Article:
Restrooms reassigned for Holidays in Hudson
On Dec. 2 and Dec. 3, Willamette University held the longstanding winter time event, Holidays in Hudson. The event, previously called Christmas in Hudson, features the Chamber Choir and Voice, singing holiday songs in a cheerfully, seasonally decorated Hudson Hall. The concert differed from the past in that there was no audience sing-along and the performers were all masked. Though the event itself was received positively, there were concerns raised by students as the primary gender-neutral bathrooms in the building had been switched to binary, gender segregated ones instead.
A video of the changed signage on the restrooms circulated on social media, along with a written out statement. The statement explains what change was made, describing it as a “University-Sanctioned decision made by the deans” without students being involved with or informed of the change. The post raises concern for ‘nonconforming’ student performers, saying that they, “were forced to choose between their psychological safety and their required performance in order to pass the class”.
In an email forwarded to music students, staff and faculty, Dean of the College of Arts and Science Ruth Feingold, explained the decision. She cited the layout of the building as having only two large restrooms, and said that this fact, “has created difficulties for some other users of the building, as we were left with no gender-restricted restrooms. Without these, we are not being inclusive and welcoming of some guests to our campus, nor providing them with spaces in which they feel safe.” Feingold continued that this was a temporary change saying, “Given the demographics of attendance at some events in Hudson (in some cases, those over 65 outnumber those under 25 by a factor of 20 to 1), we made the decision to temporarily reassign available restrooms in Rogers. During these few events, the larger spaces are being designated F or M, while two formerly private single-user restrooms nearby will become public all-gender rooms.” Feingold said that the lack of communication with student performers was “not ideal” and that she took responsibility for “not thinking of it” beforehand, promising students that “It won’t happen again.”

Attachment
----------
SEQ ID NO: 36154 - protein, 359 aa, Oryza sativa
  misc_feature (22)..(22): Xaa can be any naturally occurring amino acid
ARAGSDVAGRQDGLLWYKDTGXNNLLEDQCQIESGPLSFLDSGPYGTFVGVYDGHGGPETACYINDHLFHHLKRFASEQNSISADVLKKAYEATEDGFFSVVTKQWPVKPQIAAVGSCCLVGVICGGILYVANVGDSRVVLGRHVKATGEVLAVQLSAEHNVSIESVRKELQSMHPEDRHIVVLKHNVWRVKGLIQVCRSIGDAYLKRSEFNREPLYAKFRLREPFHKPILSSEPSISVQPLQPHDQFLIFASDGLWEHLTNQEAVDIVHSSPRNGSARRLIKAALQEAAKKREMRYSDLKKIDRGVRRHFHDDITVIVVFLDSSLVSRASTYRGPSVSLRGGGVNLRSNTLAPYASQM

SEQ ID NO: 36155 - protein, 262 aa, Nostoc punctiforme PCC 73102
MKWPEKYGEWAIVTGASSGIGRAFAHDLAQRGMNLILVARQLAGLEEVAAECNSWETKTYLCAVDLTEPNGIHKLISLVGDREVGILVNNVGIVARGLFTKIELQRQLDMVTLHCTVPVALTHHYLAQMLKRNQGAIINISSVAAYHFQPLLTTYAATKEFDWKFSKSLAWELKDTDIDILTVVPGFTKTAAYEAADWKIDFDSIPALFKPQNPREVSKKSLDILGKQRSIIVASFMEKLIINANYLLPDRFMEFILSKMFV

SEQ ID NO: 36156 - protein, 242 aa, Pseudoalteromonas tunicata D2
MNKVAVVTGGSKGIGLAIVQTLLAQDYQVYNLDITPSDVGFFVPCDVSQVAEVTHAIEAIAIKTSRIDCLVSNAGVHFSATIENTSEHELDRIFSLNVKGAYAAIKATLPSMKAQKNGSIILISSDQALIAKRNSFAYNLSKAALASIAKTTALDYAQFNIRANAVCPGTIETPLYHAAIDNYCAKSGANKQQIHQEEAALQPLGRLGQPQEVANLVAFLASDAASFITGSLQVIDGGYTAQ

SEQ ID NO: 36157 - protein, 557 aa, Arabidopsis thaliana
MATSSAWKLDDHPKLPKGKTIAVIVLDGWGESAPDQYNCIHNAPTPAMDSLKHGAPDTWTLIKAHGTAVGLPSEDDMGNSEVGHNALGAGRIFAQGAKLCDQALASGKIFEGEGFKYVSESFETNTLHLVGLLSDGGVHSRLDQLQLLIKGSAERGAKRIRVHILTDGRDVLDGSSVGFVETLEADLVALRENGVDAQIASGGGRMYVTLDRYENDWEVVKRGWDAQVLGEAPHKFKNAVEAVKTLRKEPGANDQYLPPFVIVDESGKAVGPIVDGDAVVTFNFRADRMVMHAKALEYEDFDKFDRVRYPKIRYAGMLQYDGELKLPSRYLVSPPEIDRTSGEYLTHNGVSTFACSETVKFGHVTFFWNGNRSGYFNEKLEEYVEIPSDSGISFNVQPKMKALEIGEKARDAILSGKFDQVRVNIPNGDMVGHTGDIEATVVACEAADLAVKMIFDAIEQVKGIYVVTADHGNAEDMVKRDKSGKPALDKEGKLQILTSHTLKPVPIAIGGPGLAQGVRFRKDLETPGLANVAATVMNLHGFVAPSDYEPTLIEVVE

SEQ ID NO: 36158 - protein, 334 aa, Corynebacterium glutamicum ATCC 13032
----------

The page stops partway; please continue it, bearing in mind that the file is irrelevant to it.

In an interview following the email, Feingold clarified further. The decision to temporarily change the signage had been made that week, in consultation with Andrea Hugmeyer, the staff chair of the university’s Transgender Advocacy Committee and Director of the Gender Resource and Advocacy Center. Two options were proposed: having the large bathrooms be male/female with the single occupant ones being all-gender, or having one female bathroom and one all-gender bathroom. Feingold said that the change was in response to feedback from previous concerts and family weekend. “People talk about psychological safety… and for people who are accustomed to a single gender environment where they are engaged in intimate actions then those actions will feel unsafe.”
On the reference to age demographics in the email Feingold explained the connection, “It was our older patrons who said that they wanted to have single sex restrooms… and our older patrons also are somewhat slower moving. Sometimes they have more mobility challenges, they may have incontinence challenges, and I don’t mean to assume that everybody who is elderly has those, but for that reason having the multi-stall restrooms single sex for those few events seems to make sense.” Feingold also referenced that factors beyond age can have an impact, “religion for example is another important one… people from more conservative religious traditions, including Islam, have prohibitions against mixing of gender such that that would create difficulty for them.”
Feingold acknowledged that the procedure for future events was still being worked out, and that she expected to learn more about student’s concerns at the Trans Advocacy Town Hall on Dec. 7.